On September 15, 2023, Mumbai bid farewell to the last remaining diesel-run double-decker bus of the Brihanmumbai Electric Supply and Transport (BEST) enterprise, evoking a wave of nostalgia among the city's residents. These red giants on wheels have long been synonymous with South Mumbai, serving as cultural landmarks that have witnessed countless conversations, dramas, and the evolving city and its people. Through personal memories, Bollywood songs, artwork, and symbols, the red double-decker buses have become an integral part of Mumbai's collective cultural consciousness.
Anand Mahindra, industrialist on X (formerly Twitter), captioning the collective loss
The origins of double-decker buses in India have sparked some debate. Some claim that Raja Chithira Thirunal Balarama Varma, the ruler of Trivandrum (now Thiruvananthapuram), hired Englishman EG Salter to revamp their public transport, leading to the introduction of double-decker buses. However, many agree that these buses were first introduced in the Bombay Presidency in 1937, inspired by the iconic double-decker London buses.
By the 1960s, around 900 double-decker buses were traversing the streets of Bombay, covering popular routes like the iconic 123, which passed through Colaba Causeway, Regal Cinema, Flora Fountain, Marine Drive, and Girgaun Chowpatty. These routes carved a path through historically and culturally significant areas of South Mumbai, making the red, two-storeyed transport capsules an inseparable part of the city's heritage. Not only did the red double-deckers offer passengers a picturesque vantage point, but they also bridged the last mile of connectivity in the suburbs until the arrival of auto-rickshaws in the 1970s. However, their numbers dwindled after the mid-'90s due to rising operational costs, logistical challenges, and fuel inefficiency.
Last week marked the end of an era for Mumbai's iconic red double-decker buses, but it also ushered in a new era of eco-friendly and technologically advanced public transportation for the city's future. The newly introduced buses, known as Switch EiV22, are battery-run e-buses, providing an environmentally friendly alternative. These buses have a capacity to accommodate approximately ninety passengers, roughly double the capacity of the previous buses. The city plans to acquire nine hundred such buses. Additionally, BEST has announced the acquisition of two open-deck buses for sightseeing, reminiscent of the vehicles we are bidding farewell to.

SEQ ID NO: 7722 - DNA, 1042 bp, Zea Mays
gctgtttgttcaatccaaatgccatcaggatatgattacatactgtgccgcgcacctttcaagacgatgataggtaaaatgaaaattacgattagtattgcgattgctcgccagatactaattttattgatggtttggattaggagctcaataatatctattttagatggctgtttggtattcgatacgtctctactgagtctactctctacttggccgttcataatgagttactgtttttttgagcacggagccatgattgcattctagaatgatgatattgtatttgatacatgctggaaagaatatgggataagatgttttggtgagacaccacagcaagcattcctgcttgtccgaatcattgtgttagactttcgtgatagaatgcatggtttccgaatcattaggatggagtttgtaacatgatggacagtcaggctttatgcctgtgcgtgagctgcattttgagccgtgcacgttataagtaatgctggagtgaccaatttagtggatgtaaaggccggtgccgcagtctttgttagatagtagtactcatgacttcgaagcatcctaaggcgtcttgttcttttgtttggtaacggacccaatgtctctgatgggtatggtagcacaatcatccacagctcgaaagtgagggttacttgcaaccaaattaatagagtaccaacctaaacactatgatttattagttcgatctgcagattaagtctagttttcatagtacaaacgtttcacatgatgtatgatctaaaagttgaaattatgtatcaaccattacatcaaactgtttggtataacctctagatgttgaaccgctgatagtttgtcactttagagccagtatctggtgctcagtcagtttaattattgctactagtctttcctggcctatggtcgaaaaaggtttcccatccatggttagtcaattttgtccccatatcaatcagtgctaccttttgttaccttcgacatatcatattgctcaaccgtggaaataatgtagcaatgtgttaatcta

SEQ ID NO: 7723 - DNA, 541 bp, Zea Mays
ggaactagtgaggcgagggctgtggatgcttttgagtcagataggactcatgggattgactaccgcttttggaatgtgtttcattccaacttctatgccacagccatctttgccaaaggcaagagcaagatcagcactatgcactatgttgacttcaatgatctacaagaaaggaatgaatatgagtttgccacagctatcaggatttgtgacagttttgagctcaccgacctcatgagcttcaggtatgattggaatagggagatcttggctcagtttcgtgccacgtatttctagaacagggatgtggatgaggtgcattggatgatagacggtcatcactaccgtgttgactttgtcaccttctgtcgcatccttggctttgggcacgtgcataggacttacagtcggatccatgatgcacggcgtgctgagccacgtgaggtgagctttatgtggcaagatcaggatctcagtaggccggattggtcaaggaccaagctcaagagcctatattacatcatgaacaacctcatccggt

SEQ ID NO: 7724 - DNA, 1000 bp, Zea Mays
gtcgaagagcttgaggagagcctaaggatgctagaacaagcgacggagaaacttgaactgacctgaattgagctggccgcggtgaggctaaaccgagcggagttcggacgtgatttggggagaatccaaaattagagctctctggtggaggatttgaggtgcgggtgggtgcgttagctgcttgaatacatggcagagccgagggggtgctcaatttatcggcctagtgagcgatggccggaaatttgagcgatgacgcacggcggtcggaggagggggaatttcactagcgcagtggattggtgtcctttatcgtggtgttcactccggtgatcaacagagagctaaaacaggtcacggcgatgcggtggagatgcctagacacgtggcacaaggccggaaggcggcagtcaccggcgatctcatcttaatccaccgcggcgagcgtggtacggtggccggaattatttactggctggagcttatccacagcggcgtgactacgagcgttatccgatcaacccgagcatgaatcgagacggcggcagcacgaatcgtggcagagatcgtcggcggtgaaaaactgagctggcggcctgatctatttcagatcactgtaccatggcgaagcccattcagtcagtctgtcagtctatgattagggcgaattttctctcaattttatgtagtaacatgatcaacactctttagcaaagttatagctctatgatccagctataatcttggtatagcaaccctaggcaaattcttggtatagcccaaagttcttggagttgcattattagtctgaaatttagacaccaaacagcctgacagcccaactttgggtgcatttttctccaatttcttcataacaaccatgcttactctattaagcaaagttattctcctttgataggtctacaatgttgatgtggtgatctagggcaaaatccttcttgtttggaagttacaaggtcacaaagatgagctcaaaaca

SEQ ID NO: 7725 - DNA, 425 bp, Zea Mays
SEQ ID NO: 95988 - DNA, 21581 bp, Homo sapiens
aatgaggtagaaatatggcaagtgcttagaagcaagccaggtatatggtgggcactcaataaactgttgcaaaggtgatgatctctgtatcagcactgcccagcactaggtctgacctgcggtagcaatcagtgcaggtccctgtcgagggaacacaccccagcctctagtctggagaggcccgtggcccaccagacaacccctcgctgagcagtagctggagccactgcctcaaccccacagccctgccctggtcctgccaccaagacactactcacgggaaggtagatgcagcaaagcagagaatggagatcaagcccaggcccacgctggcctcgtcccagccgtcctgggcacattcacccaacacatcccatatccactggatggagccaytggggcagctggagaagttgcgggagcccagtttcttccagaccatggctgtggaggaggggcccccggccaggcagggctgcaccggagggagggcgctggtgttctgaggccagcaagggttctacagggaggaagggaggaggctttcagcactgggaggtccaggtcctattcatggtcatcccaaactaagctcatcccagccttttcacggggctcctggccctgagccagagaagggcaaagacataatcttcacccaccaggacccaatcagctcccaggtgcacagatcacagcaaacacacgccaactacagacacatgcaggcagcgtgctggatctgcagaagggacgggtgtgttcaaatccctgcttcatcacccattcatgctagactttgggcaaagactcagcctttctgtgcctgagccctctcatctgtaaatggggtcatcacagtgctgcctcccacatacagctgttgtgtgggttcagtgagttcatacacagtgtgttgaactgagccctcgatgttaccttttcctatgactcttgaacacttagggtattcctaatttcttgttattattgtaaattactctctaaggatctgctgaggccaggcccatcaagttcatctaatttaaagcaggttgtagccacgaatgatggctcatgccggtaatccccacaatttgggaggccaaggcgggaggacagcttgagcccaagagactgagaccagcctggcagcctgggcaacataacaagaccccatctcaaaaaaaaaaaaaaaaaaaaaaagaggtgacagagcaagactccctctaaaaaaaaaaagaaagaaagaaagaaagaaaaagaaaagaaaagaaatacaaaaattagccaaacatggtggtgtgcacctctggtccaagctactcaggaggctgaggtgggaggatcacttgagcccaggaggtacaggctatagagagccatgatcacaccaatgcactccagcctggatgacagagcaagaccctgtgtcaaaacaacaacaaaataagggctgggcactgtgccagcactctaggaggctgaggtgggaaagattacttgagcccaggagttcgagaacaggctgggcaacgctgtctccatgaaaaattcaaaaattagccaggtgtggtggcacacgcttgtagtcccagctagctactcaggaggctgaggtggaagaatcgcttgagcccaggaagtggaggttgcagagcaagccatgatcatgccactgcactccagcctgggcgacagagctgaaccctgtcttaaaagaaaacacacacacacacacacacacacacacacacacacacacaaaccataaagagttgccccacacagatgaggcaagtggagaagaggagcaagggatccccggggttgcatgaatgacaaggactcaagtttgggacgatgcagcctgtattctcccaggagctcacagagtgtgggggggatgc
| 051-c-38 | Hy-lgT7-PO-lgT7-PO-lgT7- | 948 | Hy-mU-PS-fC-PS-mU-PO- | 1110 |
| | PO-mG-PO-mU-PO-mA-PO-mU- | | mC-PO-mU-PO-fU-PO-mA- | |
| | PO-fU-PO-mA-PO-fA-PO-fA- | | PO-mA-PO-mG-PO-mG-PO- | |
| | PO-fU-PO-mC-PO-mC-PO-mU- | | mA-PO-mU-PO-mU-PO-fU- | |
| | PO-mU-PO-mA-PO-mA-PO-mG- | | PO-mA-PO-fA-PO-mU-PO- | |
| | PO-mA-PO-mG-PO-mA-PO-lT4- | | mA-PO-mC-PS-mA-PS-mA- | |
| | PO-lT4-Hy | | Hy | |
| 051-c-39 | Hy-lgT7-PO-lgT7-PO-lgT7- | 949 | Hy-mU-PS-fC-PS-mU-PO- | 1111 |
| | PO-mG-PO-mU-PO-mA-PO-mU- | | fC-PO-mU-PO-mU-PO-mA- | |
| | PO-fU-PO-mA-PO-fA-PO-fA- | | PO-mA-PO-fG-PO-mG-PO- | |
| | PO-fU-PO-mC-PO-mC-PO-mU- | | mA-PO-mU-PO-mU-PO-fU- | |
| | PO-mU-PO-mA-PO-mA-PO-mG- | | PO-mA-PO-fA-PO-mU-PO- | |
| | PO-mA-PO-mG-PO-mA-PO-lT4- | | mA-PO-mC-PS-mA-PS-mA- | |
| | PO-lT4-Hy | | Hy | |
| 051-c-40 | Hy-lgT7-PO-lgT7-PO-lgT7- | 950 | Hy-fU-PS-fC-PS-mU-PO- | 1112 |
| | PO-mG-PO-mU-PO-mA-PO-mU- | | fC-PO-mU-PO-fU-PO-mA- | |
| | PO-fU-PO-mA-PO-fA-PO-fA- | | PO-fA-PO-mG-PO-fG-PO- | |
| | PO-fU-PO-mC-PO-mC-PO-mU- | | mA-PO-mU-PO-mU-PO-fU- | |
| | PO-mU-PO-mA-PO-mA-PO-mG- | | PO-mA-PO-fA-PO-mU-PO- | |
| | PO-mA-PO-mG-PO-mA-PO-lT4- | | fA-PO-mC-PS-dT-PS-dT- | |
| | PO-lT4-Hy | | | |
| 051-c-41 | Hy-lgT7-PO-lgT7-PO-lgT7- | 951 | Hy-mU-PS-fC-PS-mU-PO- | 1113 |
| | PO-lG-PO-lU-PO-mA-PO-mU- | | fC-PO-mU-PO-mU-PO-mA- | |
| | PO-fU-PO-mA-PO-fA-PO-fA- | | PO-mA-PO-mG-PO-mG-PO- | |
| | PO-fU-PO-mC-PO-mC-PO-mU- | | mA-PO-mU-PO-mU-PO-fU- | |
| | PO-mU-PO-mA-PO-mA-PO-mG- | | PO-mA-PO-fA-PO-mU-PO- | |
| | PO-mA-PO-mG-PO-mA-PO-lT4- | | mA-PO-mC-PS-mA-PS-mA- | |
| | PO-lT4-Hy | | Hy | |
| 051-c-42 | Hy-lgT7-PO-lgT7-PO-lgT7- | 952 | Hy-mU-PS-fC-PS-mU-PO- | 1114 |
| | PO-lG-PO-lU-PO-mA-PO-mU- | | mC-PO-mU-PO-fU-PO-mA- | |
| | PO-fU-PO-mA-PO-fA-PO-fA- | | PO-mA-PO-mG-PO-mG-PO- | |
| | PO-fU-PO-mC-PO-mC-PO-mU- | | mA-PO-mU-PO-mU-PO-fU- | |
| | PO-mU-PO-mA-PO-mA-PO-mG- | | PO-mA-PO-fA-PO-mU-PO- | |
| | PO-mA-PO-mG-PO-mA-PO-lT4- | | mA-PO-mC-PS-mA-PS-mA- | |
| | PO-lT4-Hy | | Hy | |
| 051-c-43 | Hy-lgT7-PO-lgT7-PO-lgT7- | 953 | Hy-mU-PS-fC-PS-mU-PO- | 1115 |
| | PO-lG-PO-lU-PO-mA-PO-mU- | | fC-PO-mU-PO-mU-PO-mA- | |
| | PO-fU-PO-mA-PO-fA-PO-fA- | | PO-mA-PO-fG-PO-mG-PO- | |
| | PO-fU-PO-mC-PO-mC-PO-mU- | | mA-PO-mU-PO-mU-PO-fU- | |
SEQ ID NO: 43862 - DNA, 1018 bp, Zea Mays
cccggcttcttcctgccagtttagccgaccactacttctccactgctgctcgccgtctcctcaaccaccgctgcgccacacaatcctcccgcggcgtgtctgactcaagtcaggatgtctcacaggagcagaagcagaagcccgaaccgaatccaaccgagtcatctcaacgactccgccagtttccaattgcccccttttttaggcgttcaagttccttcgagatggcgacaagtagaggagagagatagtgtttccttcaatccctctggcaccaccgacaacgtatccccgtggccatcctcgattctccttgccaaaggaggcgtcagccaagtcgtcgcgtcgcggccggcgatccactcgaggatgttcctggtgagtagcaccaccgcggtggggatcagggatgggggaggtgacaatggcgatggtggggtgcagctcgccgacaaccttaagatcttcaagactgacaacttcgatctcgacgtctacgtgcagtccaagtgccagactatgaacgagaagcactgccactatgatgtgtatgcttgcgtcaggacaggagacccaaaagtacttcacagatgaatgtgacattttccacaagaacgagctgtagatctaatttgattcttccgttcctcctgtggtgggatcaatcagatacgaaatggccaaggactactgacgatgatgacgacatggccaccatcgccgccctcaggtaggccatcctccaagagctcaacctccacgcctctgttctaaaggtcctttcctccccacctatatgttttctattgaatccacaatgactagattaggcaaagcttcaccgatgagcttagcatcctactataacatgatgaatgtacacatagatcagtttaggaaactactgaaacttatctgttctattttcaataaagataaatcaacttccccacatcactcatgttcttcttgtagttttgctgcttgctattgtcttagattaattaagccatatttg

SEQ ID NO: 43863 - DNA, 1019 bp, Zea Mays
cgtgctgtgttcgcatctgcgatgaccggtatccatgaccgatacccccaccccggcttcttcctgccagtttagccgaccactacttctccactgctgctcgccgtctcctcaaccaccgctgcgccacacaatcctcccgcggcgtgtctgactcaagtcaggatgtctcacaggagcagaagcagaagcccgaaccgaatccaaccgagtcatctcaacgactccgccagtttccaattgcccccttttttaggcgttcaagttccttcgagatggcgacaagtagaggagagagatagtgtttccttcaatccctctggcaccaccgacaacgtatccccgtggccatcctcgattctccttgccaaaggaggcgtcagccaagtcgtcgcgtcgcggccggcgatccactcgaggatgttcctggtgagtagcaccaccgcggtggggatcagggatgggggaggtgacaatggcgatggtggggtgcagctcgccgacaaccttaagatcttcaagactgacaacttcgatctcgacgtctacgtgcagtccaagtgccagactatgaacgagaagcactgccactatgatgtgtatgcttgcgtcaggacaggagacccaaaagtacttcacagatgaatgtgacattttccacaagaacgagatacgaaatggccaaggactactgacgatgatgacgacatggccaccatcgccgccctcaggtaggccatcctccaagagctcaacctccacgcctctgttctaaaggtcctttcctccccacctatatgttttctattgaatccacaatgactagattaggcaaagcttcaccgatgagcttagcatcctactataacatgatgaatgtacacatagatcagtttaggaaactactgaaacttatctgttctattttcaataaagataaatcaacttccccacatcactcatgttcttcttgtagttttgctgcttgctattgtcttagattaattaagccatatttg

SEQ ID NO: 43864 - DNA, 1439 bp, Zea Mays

Time can sometimes be a cruel mistress that can make even a red Goliath disappear from the streets of Mumbai. While there is no shadow of a doubt, that implementing the Switch EiV22 as a success is a judicious choice, for several Mumbaikars the iconic predecessor will continue to hold rich nostalgic value. Mahesh Kambale, a 42-year-old resident of Vikhroli, in a statement to the Free Press Journal, expressed nostalgia for the old buses and how the feeling of basking in the breeze from its open windows won't be the same with the new double-decker e-buses that are air-conditioned.
While bidding adieu to these iconic double-decker buses evokes a sense of collective loss, its unique charm and identity will not slip into oblivion. BEST has chosen to preserve one of these iconic buses, ensuring that a piece of Mumbai's history lives on. This preserved bus will find its new home in the museum at the Anik bus depot, serving as a living testament to the bygone days when these red giants were a familiar sight for Mumbai's residents and visitors alike.
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